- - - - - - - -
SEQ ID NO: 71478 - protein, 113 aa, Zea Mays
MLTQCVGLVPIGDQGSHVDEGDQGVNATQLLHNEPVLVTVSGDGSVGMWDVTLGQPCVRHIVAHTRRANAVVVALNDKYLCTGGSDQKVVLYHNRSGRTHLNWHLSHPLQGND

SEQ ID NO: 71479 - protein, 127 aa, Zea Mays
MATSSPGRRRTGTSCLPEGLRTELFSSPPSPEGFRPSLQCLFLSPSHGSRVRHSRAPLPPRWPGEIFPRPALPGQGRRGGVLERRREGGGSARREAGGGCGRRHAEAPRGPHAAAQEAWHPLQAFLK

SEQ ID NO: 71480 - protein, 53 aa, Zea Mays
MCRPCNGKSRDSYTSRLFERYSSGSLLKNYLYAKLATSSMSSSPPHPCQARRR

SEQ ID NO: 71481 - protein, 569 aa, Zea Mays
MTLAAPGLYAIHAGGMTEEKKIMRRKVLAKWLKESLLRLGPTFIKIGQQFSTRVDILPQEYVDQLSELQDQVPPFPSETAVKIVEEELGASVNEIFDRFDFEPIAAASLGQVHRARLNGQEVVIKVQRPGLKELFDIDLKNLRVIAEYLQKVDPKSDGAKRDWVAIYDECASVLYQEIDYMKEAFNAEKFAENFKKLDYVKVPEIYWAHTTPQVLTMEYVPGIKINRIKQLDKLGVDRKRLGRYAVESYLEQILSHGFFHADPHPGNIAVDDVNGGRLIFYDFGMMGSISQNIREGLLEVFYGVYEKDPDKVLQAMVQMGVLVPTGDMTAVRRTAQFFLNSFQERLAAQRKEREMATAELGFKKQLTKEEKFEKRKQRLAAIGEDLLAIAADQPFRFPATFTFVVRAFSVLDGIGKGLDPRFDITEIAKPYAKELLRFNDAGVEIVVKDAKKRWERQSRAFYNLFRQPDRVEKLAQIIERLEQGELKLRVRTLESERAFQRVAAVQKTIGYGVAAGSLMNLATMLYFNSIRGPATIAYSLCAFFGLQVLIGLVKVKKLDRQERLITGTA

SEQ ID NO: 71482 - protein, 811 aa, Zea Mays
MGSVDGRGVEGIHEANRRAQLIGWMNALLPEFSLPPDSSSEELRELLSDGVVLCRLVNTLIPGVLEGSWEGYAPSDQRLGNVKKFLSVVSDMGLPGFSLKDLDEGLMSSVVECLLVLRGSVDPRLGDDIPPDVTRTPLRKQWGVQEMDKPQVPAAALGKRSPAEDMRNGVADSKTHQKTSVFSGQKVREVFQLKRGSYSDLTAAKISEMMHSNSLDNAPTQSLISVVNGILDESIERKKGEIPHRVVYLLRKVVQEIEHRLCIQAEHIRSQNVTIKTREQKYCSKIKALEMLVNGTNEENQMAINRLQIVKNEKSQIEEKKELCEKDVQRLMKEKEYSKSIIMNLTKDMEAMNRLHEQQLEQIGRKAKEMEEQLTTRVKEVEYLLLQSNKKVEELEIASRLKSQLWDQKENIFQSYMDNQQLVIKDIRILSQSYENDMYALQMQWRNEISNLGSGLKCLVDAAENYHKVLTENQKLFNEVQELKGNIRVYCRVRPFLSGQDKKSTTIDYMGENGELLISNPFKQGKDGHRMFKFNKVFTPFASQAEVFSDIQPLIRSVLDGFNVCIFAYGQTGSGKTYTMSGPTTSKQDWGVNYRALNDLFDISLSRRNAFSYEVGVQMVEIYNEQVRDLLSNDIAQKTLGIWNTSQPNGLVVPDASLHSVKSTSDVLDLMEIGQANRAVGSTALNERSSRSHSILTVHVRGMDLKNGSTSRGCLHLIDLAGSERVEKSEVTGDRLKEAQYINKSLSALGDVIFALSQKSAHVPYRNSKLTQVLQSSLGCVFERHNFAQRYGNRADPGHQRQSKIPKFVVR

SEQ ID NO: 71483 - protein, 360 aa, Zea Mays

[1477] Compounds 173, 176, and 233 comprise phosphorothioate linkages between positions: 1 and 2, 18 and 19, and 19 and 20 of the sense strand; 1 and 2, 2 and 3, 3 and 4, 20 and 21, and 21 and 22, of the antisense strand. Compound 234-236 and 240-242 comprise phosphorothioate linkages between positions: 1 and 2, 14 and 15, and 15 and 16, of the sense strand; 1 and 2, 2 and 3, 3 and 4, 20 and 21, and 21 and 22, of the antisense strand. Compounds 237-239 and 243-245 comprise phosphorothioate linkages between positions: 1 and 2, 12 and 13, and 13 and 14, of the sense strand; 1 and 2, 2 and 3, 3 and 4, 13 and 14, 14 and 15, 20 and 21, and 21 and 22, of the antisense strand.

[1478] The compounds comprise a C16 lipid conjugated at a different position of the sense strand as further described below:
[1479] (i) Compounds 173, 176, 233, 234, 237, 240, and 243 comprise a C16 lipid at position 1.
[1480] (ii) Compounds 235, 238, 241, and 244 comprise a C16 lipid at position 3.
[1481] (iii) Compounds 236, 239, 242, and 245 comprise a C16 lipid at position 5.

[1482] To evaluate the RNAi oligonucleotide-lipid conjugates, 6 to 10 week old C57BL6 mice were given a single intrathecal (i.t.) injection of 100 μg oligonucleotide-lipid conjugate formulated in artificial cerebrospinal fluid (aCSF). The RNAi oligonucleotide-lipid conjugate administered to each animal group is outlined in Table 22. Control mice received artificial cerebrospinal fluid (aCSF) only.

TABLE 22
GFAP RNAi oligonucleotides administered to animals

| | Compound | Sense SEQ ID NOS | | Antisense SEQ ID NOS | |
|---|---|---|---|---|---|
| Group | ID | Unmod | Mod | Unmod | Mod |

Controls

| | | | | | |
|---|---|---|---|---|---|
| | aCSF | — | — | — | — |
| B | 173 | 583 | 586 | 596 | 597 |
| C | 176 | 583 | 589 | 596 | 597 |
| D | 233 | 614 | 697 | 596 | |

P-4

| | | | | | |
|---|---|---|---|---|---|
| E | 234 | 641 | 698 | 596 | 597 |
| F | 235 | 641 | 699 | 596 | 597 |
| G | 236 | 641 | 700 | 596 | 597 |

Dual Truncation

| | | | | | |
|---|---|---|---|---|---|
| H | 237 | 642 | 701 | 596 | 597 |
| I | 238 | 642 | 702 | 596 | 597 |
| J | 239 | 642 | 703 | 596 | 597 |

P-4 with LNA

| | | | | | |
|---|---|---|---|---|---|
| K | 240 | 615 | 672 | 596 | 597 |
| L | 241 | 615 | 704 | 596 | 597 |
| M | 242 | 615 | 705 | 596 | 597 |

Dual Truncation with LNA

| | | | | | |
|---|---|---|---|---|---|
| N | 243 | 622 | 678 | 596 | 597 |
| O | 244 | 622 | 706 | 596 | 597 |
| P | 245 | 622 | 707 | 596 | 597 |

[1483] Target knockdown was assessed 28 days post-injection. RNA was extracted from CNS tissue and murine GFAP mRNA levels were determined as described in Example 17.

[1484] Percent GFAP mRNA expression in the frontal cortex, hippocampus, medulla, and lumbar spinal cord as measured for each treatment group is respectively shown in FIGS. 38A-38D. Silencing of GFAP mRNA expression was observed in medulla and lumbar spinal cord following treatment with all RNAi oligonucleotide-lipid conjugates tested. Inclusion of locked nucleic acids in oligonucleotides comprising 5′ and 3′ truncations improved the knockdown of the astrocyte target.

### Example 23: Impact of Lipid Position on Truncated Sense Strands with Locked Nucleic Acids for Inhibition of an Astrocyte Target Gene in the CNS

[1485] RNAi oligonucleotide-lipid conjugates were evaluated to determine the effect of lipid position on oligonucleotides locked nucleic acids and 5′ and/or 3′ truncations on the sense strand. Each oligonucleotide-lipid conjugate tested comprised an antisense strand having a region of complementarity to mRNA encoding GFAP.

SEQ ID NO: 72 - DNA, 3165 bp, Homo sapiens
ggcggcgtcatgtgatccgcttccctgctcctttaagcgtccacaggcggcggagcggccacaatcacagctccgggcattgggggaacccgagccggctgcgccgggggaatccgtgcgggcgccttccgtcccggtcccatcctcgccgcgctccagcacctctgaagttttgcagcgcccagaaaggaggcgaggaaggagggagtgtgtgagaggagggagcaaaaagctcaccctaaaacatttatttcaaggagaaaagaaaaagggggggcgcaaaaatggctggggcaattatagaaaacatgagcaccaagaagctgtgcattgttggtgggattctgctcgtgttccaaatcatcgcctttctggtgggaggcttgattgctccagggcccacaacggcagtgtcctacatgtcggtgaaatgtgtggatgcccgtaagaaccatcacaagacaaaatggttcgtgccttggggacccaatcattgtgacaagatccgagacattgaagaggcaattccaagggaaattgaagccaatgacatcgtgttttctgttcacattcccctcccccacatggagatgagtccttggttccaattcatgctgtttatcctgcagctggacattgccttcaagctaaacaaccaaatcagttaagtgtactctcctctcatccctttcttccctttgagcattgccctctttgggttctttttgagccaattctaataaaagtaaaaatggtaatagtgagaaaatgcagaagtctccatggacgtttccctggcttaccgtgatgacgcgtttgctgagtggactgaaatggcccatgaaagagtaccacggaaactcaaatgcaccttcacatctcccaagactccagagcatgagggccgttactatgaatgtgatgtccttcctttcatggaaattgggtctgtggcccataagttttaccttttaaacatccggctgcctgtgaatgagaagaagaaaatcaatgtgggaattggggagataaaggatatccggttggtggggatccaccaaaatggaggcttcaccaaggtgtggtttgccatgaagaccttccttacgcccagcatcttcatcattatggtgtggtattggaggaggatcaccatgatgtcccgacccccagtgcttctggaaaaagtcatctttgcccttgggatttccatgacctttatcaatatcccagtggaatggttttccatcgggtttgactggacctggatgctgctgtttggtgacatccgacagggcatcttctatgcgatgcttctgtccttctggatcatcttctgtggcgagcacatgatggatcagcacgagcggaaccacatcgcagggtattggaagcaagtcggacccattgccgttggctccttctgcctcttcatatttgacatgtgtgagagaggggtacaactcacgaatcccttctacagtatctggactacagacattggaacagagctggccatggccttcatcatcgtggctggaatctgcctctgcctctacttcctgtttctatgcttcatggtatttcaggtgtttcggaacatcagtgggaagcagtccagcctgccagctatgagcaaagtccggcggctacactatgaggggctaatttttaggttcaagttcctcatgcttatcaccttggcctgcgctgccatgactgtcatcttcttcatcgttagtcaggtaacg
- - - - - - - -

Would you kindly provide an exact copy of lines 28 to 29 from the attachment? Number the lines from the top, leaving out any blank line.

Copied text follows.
| C | 176 | 583 | 589 | 596 | 597 |
| D | 233 | 614 | 697 | 596 | |